Information about what we might like, or not, is being collected and sold all around us. In fact, if we are reading this article online right now, chances are that someone, somewhere, is taking note. Certainly, it is not all nefarious. Some are legitimate retailers attempting to bring to us messages that may be more likely to be of interest. But for just as many others, our presumed preferences are being bought and sold in back-alley marketplaces deeply hidden from our view. Who knows what about us? Why don’t they tell us how they got our information and from whom?
Ask a marketer how they came to know your telephone number or email address and they are as likely to hang up as they are to answer. In most cases, the front-line workers are not informed of how our contact information was collected. Plausible deniability is important in this game. In a day, not that long ago, if someone reached out by name, it was a safe assumption that they either knew us directly or knew someone who did. The social contract required that their interactions with us be predicated upon a connection to another person. If the newly introduced individual or organization acted badly, it would reflect poorly on the person making the introduction. The axiom played, “It is not what you know but who you know.”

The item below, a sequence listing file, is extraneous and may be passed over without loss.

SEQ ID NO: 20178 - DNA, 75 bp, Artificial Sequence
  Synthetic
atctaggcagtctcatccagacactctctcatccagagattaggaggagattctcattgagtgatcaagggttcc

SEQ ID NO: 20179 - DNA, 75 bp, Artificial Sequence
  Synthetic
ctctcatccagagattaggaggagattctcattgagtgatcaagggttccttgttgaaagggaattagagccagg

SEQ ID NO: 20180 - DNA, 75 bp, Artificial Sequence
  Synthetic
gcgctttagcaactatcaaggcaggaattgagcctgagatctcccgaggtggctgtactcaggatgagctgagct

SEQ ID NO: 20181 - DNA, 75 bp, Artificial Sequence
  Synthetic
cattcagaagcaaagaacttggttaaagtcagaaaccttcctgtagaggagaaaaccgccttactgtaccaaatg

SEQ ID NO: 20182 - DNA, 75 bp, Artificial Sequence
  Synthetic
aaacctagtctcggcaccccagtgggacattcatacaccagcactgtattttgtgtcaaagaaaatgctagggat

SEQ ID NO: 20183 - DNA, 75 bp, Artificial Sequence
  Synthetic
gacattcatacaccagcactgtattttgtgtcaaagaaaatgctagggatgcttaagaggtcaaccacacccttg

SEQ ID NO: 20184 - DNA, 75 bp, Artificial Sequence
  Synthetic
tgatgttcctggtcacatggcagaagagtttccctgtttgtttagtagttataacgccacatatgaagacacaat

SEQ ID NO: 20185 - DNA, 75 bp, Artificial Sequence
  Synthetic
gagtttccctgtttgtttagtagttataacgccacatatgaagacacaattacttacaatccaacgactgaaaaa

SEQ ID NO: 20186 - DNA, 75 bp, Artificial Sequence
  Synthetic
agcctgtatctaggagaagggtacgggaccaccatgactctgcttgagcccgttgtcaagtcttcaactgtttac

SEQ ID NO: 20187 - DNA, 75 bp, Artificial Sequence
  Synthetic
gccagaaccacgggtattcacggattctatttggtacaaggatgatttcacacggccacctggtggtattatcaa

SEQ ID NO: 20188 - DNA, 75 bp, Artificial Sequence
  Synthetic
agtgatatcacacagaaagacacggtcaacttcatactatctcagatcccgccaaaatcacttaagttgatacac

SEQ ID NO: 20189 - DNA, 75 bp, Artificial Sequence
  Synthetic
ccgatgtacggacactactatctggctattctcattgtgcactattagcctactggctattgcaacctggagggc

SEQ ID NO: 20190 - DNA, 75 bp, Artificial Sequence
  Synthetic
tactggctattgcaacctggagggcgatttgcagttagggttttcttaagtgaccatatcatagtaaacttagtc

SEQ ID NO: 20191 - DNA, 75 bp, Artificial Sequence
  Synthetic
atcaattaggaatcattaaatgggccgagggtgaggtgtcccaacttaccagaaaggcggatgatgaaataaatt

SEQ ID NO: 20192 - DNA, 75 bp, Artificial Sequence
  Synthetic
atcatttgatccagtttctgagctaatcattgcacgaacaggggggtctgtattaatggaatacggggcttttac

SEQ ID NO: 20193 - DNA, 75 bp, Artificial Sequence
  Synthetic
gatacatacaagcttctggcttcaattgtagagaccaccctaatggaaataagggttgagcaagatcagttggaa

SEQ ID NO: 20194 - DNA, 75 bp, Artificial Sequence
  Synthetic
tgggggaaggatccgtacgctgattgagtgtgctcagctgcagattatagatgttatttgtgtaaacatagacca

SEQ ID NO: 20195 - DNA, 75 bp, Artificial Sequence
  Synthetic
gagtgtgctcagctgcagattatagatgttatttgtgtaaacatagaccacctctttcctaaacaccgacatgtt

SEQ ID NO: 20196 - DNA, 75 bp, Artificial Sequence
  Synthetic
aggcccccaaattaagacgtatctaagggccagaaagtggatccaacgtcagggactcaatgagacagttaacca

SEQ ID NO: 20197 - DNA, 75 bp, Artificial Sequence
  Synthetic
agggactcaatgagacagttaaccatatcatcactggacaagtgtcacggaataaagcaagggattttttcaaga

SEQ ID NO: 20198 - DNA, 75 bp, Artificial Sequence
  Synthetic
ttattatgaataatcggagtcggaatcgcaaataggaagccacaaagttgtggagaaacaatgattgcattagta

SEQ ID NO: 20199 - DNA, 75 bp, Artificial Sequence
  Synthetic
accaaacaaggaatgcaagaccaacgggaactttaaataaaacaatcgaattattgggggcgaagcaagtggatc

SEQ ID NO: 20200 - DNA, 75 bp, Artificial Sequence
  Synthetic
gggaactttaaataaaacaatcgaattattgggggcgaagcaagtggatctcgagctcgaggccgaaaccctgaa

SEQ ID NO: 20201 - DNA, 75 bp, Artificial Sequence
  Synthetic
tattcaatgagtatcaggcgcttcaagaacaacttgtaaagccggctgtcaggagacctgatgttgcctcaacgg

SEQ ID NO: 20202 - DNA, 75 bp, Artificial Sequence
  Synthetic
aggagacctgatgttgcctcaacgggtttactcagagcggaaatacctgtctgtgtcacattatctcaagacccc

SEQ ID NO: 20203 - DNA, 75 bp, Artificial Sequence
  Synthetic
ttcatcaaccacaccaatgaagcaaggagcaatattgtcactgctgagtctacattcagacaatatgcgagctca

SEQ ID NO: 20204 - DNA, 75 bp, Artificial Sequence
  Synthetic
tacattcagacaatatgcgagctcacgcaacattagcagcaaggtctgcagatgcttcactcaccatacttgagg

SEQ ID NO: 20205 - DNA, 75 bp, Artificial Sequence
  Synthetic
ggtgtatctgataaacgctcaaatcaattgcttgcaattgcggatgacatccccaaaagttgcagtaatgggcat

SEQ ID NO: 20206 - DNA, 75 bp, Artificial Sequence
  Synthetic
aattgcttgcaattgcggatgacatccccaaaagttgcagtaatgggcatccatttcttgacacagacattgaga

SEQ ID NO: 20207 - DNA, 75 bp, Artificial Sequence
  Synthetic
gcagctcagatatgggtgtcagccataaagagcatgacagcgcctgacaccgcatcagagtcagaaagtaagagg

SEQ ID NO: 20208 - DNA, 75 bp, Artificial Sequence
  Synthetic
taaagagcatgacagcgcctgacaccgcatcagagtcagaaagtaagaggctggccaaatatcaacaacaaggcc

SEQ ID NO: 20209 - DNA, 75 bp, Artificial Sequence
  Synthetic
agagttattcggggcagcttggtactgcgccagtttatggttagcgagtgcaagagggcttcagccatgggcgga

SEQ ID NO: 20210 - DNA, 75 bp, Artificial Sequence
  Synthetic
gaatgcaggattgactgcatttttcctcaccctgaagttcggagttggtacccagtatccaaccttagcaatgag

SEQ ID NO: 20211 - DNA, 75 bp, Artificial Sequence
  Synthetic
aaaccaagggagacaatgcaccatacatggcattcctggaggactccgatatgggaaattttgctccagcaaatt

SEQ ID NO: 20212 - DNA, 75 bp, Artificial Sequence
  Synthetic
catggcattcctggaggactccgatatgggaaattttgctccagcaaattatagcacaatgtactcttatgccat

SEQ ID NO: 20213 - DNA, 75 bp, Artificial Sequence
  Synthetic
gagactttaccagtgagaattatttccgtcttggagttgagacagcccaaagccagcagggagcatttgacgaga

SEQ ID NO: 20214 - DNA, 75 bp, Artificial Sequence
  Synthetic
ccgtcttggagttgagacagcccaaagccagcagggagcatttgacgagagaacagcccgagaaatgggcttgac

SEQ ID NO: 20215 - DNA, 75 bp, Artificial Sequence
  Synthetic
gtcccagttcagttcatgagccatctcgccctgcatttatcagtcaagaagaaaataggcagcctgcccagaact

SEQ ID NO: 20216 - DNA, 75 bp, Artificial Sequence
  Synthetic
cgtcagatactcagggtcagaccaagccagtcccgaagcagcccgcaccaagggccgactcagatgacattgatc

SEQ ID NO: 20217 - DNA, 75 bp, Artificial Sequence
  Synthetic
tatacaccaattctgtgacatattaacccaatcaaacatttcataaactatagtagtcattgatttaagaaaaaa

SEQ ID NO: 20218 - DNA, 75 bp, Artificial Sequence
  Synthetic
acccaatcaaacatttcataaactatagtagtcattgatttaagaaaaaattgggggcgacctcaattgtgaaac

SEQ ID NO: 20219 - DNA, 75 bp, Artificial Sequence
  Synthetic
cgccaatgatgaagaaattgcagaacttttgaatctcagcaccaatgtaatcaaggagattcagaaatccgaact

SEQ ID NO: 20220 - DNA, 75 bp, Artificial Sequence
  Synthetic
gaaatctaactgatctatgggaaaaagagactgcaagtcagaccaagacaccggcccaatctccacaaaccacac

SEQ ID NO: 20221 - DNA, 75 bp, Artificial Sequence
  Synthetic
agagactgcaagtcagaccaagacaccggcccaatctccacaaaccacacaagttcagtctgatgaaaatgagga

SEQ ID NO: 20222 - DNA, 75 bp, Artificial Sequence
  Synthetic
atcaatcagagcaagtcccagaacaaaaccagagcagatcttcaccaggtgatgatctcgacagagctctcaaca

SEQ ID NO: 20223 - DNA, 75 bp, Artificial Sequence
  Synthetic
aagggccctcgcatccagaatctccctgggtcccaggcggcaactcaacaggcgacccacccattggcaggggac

Today, our inboxes are filled with emails from supposed long-lost friends. “Hey, insert name here, you must have missed responding to my last email, but I hope you and your terrific spouse, insert name here, will get back to me.” The problem is that it is all fake. There is no previous contact. There is no relationship. It seems that today it is, “What you know, not who you know.”